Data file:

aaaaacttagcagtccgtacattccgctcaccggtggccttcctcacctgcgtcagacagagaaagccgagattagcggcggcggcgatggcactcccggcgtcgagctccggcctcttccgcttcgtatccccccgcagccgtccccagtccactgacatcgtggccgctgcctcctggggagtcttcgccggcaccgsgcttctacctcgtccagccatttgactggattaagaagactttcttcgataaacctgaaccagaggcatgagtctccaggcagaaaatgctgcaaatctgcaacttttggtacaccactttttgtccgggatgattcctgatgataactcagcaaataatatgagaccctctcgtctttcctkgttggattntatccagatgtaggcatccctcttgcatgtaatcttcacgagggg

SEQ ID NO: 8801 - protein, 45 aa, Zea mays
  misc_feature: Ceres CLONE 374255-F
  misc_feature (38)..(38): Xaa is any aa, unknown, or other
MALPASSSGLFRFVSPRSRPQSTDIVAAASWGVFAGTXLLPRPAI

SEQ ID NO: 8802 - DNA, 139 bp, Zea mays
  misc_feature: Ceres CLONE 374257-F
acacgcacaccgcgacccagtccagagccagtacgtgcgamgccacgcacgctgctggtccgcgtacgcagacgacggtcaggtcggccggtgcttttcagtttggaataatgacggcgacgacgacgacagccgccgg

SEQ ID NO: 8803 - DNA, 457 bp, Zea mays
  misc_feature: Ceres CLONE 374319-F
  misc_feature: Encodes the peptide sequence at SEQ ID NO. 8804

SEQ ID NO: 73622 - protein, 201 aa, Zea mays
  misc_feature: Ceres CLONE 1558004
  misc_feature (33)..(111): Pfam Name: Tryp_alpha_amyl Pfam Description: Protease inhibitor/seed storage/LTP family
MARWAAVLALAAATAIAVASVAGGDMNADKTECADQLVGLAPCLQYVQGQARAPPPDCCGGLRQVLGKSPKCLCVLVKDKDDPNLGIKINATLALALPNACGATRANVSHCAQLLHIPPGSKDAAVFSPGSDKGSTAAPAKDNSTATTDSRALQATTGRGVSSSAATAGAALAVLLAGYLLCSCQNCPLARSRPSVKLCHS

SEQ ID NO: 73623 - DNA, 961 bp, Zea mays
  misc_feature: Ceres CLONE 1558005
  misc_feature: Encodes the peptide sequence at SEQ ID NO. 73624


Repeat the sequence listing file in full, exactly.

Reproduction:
aaaaacttagcagtccgtacattccgctcaccggtggccttcctcacctgcgtcagacagagaaagccgagattagcggcggcggcgatggcactcccggcgtcgagctccggcctcttccgcttcgtatccccccgcagccgtccccagtccactgacatcgtggccgctgcctcctggggagtcttcgccggcaccgsgcttctacctcgtccagccatttgactggattaagaagactttcttcgataaacctgaaccagaggcatgagtctccaggcagaaaatgctgcaaatctgcaacttttggtacaccactttttgtccgggatgattcctgatgataactcagcaaataatatgagaccctctcgtctttcctkgttggattntatccagatgtaggcatccctcttgcatgtaatcttcacgagggg

SEQ ID NO: 8801 - protein, 45 aa, Zea mays
  misc_feature: Ceres CLONE 374255-F
  misc_feature (38)..(38): Xaa is any aa, unknown, or other
MALPASSSGLFRFVSPRSRPQSTDIVAAASWGVFAGTXLLPRPAI

SEQ ID NO: 8802 - DNA, 139 bp, Zea mays
  misc_feature: Ceres CLONE 374257-F
acacgcacaccgcgacccagtccagagccagtacgtgcgamgccacgcacgctgctggtccgcgtacgcagacgacggtcaggtcggccggtgcttttcagtttggaataatgacggcgacgacgacgacagccgccgg

SEQ ID NO: 8803 - DNA, 457 bp, Zea mays
  misc_feature: Ceres CLONE 374319-F
  misc_feature: Encodes the peptide sequence at SEQ ID NO. 8804

SEQ ID NO: 73622 - protein, 201 aa, Zea mays
  misc_feature: Ceres CLONE 1558004
  misc_feature (33)..(111): Pfam Name: Tryp_alpha_amyl Pfam Description: Protease inhibitor/seed storage/LTP family
MARWAAVLALAAATAIAVASVAGGDMNADKTECADQLVGLAPCLQYVQGQARAPPPDCCGGLRQVLGKSPKCLCVLVKDKDDPNLGIKINATLALALPNACGATRANVSHCAQLLHIPPGSKDAAVFSPGSDKGSTAAPAKDNSTATTDSRALQATTGRGVSSSAATAGAALAVLLAGYLLCSCQNCPLARSRPSVKLCHS

SEQ ID NO: 73623 - DNA, 961 bp, Zea mays
  misc_feature: Ceres CLONE 1558005
  misc_feature: Encodes the peptide sequence at SEQ ID NO. 73624